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'This is a big moment:' UK government cautions on virus

In this handout photo provided by UK Parliament, Britain's Prime Minister Boris Johnson speaks during Prime Minister's Questions in the House of Commons in London, on Sept. 16, 2020. (Jessica Taylor/UK Parliament via AP)

LONDON (AP) -- Fresh restrictions on social gatherings in England, potentially involving limiting pub opening hours, appear to be on the cards soon as the British government seeks to suppress a sharp spike in new coronavirus infections.

    British Health Secretary Matt Hancock said Friday that the country has to "come together" over the coming weeks to get on top of the spike, which he noted is leading to a doubling in the number of people being hospitalized with the virus every seven to eight days.

    "We want to avoid a national lockdown altogether, that is the last line of defense," he told BBC radio. "It is not the proposal that's on the table."

    Following days of criticism over its testing strategy, there is mounting speculation that the government will announce fresh curbs on the hospitality sector, such as pubs and restaurants, potentially involving curfews -- something that has already been put in place in areas that are already under lockdown restrictions.

    According to the BBC, the British government's chief scientific adviser and medical officer warned of another serious coronavirus outbreak and many more deaths by the end of October if there were no further interventions. Possible measures are said to include asking some hospitality businesses to close, or limiting opening hours.

    The testing that is being conducted has already seen a sharp increase in cases over the past couple of weeks that have raised fears that the country with Europe's deadliest coronavirus outbreak may be in for a second wave during the winter. Critics say it has lost control of the virus and that's why new measures are being introduced.

    Already this week, a ban on social gatherings of more than six people, including children, has come into effect for England. The other nations of the U.K. -- Scotland, Wales and Northern Ireland -- have announced similar clampdowns on meetings.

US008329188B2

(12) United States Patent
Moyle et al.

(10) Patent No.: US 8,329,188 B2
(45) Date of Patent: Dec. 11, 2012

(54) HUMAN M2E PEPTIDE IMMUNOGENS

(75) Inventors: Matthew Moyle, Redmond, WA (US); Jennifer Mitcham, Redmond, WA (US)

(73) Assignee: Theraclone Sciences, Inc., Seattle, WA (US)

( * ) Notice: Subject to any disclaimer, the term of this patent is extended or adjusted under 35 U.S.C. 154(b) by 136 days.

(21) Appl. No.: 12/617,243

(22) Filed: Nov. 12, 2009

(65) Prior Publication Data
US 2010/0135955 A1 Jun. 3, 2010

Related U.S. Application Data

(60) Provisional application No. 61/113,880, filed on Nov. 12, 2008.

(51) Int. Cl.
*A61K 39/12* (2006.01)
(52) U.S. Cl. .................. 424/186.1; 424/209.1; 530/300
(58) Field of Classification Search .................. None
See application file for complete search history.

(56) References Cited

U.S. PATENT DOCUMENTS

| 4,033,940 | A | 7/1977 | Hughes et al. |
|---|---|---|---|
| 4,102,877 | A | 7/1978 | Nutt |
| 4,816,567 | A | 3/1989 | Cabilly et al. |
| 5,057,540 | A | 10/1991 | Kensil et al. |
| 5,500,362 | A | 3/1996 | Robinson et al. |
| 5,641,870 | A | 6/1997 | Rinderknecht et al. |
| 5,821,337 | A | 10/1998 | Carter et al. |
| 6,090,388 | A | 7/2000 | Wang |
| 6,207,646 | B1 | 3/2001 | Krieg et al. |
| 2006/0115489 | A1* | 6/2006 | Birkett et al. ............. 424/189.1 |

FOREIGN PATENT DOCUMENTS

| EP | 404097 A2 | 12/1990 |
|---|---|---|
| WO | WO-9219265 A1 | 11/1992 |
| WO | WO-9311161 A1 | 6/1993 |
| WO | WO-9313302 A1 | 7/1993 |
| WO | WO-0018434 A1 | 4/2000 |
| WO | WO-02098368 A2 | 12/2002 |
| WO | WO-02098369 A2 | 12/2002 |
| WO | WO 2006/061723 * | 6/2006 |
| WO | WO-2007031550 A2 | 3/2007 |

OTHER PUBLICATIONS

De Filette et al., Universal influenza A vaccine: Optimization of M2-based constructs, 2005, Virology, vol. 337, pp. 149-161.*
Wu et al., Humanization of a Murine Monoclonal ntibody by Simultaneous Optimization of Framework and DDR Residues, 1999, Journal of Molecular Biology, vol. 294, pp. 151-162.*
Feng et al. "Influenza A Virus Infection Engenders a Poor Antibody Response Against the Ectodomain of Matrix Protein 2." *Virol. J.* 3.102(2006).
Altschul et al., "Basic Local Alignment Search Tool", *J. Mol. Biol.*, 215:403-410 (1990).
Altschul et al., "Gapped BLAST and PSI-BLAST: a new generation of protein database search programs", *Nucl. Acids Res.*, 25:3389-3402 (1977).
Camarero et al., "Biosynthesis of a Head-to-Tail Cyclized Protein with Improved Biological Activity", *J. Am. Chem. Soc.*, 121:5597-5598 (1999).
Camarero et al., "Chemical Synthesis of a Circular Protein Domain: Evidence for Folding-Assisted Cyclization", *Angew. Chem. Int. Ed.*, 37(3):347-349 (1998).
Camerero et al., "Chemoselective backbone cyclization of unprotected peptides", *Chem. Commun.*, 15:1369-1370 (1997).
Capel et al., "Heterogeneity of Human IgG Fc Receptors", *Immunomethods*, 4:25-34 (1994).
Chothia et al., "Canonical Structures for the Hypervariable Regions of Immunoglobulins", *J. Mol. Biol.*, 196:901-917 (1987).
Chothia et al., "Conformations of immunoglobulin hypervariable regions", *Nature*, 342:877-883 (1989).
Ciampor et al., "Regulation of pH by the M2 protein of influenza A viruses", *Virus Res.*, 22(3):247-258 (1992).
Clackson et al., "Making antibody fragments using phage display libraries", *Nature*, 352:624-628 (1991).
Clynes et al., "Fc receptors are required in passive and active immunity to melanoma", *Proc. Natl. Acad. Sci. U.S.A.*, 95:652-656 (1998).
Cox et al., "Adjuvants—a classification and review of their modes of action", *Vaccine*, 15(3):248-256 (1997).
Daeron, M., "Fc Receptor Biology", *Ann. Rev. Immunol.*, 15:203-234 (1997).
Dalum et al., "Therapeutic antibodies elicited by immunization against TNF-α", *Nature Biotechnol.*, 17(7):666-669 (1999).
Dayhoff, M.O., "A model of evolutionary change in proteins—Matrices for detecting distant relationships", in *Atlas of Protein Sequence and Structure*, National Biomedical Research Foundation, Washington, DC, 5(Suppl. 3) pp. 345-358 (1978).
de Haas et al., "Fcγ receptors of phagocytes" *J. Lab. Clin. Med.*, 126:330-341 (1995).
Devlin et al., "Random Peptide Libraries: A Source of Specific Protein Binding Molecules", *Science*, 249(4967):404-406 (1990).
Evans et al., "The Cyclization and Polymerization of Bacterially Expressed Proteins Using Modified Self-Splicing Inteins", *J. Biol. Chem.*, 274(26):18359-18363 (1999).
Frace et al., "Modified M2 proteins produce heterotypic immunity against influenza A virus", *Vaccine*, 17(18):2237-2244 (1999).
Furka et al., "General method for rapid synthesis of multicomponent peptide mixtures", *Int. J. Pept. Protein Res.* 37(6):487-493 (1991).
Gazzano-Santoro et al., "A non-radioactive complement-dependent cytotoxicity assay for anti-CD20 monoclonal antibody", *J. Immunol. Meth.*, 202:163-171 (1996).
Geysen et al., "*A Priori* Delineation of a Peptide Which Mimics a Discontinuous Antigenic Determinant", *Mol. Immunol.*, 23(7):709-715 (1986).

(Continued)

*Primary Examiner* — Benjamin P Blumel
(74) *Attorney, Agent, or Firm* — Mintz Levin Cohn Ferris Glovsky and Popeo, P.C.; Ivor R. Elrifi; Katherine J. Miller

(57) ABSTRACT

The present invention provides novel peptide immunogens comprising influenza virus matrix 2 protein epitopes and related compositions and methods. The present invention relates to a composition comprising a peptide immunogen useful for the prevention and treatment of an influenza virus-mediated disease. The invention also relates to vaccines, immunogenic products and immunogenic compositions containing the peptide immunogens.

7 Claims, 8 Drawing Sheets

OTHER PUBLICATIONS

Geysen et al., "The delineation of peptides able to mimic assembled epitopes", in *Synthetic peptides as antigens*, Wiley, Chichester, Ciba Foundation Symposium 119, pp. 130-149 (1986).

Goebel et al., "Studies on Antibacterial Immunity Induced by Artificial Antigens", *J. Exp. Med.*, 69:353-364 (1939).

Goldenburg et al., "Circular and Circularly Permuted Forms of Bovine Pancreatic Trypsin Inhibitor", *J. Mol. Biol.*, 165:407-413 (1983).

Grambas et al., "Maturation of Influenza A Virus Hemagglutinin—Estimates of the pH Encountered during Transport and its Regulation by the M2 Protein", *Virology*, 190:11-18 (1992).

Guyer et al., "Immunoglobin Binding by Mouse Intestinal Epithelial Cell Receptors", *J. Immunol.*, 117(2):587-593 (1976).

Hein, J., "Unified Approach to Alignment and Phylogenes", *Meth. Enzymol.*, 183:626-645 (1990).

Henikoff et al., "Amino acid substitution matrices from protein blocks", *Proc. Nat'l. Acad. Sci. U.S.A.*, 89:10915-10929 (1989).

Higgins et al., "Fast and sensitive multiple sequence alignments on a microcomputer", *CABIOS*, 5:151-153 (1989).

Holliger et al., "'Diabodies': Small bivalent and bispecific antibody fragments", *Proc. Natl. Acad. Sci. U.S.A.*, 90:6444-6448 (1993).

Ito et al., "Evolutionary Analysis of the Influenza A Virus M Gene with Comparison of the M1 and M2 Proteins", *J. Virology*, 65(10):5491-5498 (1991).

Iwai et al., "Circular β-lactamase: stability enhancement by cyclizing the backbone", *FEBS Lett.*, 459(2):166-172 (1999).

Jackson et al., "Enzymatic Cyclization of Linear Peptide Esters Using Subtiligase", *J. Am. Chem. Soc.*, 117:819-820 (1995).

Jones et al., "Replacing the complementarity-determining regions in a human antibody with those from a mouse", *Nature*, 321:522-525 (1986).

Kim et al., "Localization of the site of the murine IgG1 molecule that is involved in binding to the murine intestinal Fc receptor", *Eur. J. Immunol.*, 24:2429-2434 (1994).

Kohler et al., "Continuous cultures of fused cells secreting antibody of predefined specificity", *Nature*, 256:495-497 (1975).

Tougher restrictions on people and businesses in parts of northeastern England have also been announced, and there is speculation that an area in northwest England will see fresh curbs on Friday.

    The latest daily figures show that another 3,395 new confirmed cases were reported. That down on the previous day's 3,991, the seven-day average is around double the level a couple of weeks back.

    As the experience of the pandemic has shown, there's usually a lag of a week or two between a rise in cases and hospitalizations and then a subsequent lag for deaths.

    It's clear that the increase in cases is leading to a higher number of people requiring acute care. The number of patients being treated for the disease in hospitals in England increased to 894 on Wednesday, up from 472 on Sept. 1, according to the latest government statistics. The number of hospitalized patients on ventilators rose to 107 from 59 in the same period.

    The worry is that deaths will start to increase markedly in the days and weeks ahead. Though the U.K. is recording far fewer deaths on a daily basis than it did earlier this year, it still registered another 21 on Thursday, taking the total of those having died 28 days after testing positive for COVID-10 to 41,705.

    "This is a big moment for the country," Hancock said. "We are seeing an acceleration in the number of cases and we are also seeing that the number of people hospitalized with coronavirus is doubling every eight days."

    The government's strategy over the coming weeks, he said, is to contain the virus down as much as is possible whilst ensuring schools and workplaces remain open.

    "And doing everything we possibly can for the cavalry that's on the horizon of the vaccine and mass testing, and the treatments that, frankly, this country has done more than any other around the world to develop," he said.

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